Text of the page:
With the venue and date locked in, we started designing the invitations. There’s a lot you can find on google images! We were able to download a picture of the grand staircase from James Cameron’s movie and then we super-imposed a photo of Archie dressed as Jack into the image. He had speech-bubbles coming out of his mouth that said those words Jack speaks to Rose, ‘So…you wanna go to a real party?’ At the bottom of the invitation we put the handwritten note Jack slips to Rose that says, ‘Make it count; meet me at the clock’. We crossed out the word clock and wrote ‘gallery’.
Inside, the invitation gave them all the details of the party including the dress code that said, ‘First Class, Second Class or Steerage; Life Jackets not Essential’.
They were also given a boarding pass that was styled on the original boarding passes White Star Line gave to the Titanic passengers. The invitations were placed in brown envelopes and sealed with a wax seal.
Once the invitations were posted it was on with working out how to style the room. The gallery hall is a massive space and I didn’t want it to feel like a big void. This is where you can sink a lot of time, with being on the internet and running around here, there and everywhere looking for things that may or may not be suitable as well as finding things that fit in with your budget.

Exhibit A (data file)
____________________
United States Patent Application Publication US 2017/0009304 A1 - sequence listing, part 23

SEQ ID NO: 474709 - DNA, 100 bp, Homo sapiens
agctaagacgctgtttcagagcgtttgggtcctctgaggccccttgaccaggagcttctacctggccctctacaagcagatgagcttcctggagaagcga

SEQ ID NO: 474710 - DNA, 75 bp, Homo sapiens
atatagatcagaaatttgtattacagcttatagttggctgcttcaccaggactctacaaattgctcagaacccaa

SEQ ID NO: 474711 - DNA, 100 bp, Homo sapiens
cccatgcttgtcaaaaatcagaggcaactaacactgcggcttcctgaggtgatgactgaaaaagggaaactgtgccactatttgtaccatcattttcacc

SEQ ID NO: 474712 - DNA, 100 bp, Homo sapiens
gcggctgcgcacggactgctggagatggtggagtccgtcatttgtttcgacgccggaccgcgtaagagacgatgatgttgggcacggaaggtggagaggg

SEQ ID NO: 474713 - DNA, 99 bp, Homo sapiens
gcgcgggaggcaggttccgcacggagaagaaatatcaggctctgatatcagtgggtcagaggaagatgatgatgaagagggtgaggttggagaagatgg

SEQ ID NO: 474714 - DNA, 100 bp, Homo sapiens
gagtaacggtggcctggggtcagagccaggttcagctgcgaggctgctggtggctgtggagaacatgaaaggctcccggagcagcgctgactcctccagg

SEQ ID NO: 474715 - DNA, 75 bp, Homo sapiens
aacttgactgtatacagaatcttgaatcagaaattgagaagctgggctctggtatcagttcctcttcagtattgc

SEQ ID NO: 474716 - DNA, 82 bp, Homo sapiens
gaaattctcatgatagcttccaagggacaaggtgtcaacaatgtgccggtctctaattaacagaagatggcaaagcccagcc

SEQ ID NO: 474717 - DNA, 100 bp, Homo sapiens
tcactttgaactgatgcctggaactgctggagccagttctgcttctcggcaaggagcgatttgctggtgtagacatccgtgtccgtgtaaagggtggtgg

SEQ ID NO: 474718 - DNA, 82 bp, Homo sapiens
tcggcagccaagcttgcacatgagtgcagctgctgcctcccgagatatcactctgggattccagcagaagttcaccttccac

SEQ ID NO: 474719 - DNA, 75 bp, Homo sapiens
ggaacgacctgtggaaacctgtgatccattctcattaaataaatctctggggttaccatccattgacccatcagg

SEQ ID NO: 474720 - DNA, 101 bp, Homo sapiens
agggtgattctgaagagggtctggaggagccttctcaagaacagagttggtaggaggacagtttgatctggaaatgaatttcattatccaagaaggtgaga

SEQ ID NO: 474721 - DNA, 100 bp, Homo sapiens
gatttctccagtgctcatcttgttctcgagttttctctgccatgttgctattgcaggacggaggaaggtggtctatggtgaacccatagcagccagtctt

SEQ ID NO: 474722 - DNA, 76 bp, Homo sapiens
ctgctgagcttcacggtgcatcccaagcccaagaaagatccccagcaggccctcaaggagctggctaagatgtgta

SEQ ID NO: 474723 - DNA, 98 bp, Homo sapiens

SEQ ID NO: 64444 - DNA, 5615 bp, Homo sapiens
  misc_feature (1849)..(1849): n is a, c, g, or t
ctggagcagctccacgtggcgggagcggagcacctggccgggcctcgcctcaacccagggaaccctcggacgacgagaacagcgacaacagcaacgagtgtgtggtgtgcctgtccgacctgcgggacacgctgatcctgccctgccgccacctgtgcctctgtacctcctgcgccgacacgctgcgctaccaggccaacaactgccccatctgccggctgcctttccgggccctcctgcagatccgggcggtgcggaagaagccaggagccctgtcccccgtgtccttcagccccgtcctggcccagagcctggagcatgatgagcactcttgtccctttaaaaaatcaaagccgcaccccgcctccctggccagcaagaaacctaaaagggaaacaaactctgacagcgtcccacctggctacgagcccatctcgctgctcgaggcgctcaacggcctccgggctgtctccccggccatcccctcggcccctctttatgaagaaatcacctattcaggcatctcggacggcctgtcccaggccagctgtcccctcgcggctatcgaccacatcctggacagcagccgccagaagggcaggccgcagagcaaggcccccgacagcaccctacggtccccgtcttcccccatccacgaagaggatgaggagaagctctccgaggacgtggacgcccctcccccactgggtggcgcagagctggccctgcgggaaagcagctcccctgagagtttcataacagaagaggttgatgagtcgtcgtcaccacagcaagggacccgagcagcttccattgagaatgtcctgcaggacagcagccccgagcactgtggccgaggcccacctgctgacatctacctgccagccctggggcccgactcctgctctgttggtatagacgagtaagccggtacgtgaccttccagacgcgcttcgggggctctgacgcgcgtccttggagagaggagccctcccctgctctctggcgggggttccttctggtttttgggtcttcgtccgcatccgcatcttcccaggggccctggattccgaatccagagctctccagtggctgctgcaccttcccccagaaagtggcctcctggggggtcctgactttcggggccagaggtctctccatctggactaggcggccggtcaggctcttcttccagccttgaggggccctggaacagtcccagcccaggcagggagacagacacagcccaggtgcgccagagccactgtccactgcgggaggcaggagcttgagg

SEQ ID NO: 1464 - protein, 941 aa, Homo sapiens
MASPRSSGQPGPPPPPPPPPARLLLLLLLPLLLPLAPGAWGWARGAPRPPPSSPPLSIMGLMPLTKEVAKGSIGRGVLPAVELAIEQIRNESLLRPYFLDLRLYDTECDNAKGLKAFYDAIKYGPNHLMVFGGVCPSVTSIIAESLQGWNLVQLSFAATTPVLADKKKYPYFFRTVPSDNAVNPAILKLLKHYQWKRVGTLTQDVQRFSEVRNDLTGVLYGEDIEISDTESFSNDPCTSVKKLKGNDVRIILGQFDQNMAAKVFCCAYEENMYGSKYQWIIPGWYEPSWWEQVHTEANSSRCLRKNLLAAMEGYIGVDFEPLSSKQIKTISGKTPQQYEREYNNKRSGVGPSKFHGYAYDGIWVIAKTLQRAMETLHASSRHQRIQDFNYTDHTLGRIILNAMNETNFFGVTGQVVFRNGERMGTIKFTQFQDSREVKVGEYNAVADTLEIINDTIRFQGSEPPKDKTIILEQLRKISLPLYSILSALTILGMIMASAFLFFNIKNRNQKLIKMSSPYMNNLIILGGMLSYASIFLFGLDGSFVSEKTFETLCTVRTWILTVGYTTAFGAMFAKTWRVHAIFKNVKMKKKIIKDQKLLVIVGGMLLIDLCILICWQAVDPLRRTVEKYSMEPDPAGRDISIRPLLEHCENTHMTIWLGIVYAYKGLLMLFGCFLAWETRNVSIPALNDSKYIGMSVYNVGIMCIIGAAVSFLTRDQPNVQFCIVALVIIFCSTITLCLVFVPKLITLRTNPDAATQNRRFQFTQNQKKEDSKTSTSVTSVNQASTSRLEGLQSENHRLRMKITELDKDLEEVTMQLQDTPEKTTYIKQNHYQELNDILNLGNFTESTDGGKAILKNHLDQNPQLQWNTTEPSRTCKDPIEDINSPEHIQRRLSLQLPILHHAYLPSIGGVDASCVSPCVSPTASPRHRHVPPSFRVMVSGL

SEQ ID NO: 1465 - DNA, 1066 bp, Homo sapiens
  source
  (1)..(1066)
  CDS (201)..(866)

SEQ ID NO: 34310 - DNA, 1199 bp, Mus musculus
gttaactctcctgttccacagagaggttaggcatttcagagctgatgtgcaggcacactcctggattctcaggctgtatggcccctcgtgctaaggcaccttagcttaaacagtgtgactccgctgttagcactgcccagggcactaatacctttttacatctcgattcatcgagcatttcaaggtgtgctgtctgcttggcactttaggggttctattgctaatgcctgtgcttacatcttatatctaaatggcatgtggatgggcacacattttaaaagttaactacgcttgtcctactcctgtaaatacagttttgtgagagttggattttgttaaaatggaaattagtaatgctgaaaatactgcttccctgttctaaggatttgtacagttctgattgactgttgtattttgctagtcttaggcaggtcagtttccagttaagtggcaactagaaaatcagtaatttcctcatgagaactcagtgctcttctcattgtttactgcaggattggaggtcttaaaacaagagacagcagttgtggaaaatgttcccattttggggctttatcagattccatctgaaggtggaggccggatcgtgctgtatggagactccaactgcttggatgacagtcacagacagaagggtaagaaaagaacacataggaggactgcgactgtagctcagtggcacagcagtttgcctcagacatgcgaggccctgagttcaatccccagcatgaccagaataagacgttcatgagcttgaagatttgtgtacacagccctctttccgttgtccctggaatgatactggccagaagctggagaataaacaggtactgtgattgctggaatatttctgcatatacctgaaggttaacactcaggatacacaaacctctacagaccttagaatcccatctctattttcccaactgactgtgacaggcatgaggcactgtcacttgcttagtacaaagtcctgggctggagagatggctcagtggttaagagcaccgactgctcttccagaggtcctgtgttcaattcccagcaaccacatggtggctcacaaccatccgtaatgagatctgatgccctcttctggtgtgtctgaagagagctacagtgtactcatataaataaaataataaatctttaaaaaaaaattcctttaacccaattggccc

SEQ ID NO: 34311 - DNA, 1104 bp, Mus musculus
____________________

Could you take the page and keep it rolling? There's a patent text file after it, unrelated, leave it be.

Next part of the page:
I drove to one party-hire place only to be told they had nothing for me. Every time I suggested they probably did, the woman kept saying, ‘No, we’ve got nothing for you’. You wouldn’t want that woman running your business. She told me to go to Ace Props and I’m very glad she did. I phoned Ace Props and asked if they had anything, anything at all that would vaguely suit a Titanic-themed party. He couldn’t believe it. Just two-weeks earlier he had styled a venue for the top executives of a bank for a Titanic party. For that party he made a gangway and to enter the room you had to walk across it. It really gave you the feeling of walking onto a ship. I knew I wanted it.